This weekend, you might’ve had the chance to catch a program of Oscar-nominated animated shorts, either at the Jacob Burns Film Center or the Irvington Town Hall Theater. If so, then you were no doubt charmed by an almost-silent, nearly black-and-white short called “Paperman” — and just in time for that post-Valentine’s Day glow, too.
Actually, unlike most of the other shorts, it’s possible that you saw “Paperman” at a multiplex this past fall. The Disney short screened — to stunned audience expecting louder, video-game-inspired fare — in front of Wreck-It Ralph when it was in theaters. That’s where I first saw it, and the story — about a chance meeting on a train between a bored office drone and a woman with a little-bit-brighter shade of red lipstick — melted my cold heart a little.
I’ve mentioned before, but “Paperman” was directed by John Kahrs, who grew up in Cornwall. You might never know it, but this article — only tangentially about animation, but mostly about plane-building enthusiasts, having been printed in the Falco Builders Letter — actually highlights what a hidden enclave of animation talent in our area.
The writer of the article, Stephan Wilkinson, is also a Cornwall native. He mentions he was he was introduced to Kahrs through a mutual friend (and fellow plane builder) Carl Ludwig, who lived in the area. Ludwig, a NASA alum, worked on one of the first forays into computer-animation, Disney’s Tron, while he was at a small computer animation company based in Elmsford named MAGI. Blue Sky Studios — the studio behind those Ice Age movies — in the “Our Story” section of its Web site, notes that “MAGI is credited with some of the most memorable sequences in the film, including the classic light cycle sequence.”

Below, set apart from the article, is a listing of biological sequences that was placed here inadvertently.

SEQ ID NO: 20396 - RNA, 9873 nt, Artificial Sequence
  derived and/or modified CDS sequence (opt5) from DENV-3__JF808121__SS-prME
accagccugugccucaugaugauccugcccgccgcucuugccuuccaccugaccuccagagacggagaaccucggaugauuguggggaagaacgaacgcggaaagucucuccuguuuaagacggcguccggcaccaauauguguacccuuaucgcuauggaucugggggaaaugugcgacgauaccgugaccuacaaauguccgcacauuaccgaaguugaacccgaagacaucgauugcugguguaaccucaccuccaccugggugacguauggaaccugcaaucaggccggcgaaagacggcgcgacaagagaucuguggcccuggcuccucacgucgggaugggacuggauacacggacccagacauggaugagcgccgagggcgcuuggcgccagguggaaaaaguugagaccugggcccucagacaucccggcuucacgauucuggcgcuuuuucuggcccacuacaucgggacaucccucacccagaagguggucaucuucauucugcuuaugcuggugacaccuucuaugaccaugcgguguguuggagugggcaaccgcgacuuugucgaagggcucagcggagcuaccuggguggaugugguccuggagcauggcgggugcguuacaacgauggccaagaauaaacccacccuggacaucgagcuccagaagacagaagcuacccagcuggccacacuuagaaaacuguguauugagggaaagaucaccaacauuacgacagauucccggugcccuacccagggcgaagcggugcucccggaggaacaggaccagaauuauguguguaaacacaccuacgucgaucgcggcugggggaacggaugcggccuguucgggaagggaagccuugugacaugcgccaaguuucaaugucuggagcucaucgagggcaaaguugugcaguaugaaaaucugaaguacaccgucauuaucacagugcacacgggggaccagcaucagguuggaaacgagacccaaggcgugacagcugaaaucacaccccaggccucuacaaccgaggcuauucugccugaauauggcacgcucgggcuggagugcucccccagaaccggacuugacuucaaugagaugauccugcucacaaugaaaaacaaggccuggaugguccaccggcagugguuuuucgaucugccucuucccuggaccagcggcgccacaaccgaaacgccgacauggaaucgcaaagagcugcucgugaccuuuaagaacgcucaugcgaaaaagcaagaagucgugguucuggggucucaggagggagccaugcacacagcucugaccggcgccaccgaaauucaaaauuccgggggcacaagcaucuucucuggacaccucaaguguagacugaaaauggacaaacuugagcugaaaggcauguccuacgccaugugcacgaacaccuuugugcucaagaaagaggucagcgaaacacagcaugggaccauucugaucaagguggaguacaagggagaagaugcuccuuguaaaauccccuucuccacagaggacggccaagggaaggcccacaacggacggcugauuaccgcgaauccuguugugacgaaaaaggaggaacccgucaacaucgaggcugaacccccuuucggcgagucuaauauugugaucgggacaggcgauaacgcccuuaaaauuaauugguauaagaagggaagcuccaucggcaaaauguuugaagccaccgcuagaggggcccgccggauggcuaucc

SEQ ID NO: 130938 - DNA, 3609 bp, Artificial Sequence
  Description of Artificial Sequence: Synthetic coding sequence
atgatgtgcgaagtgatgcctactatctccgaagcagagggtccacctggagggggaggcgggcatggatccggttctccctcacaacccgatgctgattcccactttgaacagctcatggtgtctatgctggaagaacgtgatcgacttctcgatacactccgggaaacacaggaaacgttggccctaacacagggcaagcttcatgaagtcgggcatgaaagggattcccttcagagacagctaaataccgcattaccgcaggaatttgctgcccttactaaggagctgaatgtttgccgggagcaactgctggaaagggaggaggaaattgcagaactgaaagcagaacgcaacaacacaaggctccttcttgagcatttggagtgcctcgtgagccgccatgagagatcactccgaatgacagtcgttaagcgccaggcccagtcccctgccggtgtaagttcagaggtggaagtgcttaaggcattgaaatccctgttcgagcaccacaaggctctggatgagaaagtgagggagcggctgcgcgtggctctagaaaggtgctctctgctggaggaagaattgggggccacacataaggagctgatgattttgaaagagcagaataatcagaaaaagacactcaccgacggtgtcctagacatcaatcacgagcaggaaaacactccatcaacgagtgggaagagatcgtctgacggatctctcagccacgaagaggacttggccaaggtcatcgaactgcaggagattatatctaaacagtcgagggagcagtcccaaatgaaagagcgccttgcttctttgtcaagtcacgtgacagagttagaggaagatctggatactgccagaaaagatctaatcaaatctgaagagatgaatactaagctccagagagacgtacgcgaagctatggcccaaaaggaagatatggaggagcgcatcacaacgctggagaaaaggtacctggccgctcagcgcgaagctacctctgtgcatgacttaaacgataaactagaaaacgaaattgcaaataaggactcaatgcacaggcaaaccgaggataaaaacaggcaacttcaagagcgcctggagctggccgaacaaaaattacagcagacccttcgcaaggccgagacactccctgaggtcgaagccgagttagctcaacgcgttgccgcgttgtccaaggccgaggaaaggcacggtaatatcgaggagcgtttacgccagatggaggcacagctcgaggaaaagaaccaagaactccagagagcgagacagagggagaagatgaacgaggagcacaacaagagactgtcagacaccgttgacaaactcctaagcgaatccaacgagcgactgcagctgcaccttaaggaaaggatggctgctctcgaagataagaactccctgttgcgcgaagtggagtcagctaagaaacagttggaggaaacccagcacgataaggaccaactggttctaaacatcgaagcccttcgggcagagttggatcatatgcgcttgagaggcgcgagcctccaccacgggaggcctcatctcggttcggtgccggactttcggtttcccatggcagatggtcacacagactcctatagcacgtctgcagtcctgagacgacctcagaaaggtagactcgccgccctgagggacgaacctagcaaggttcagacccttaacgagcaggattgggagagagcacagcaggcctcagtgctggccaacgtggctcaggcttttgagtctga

Ludwig went on to co-found Blue Sky, which was located in Westchester before it decamped to Greenwich in 2009. According to Blue Sky history: “Ludwig [and his co-workers] developed proprietary software called CGI Studio that would become (and still is) perhaps the most advanced rendering software used in production.” Kahrs worked with Ludwig at Blue Sky before he was hired away by Pixar in 1997, basically working on all of their movies. And now Kahrs is an Oscar-nominated director.
So, next time someone tells you that all of the animation innovations happen out in California, you have to remind them that two industry titans have come from the 28-square-mile town of Cornwall.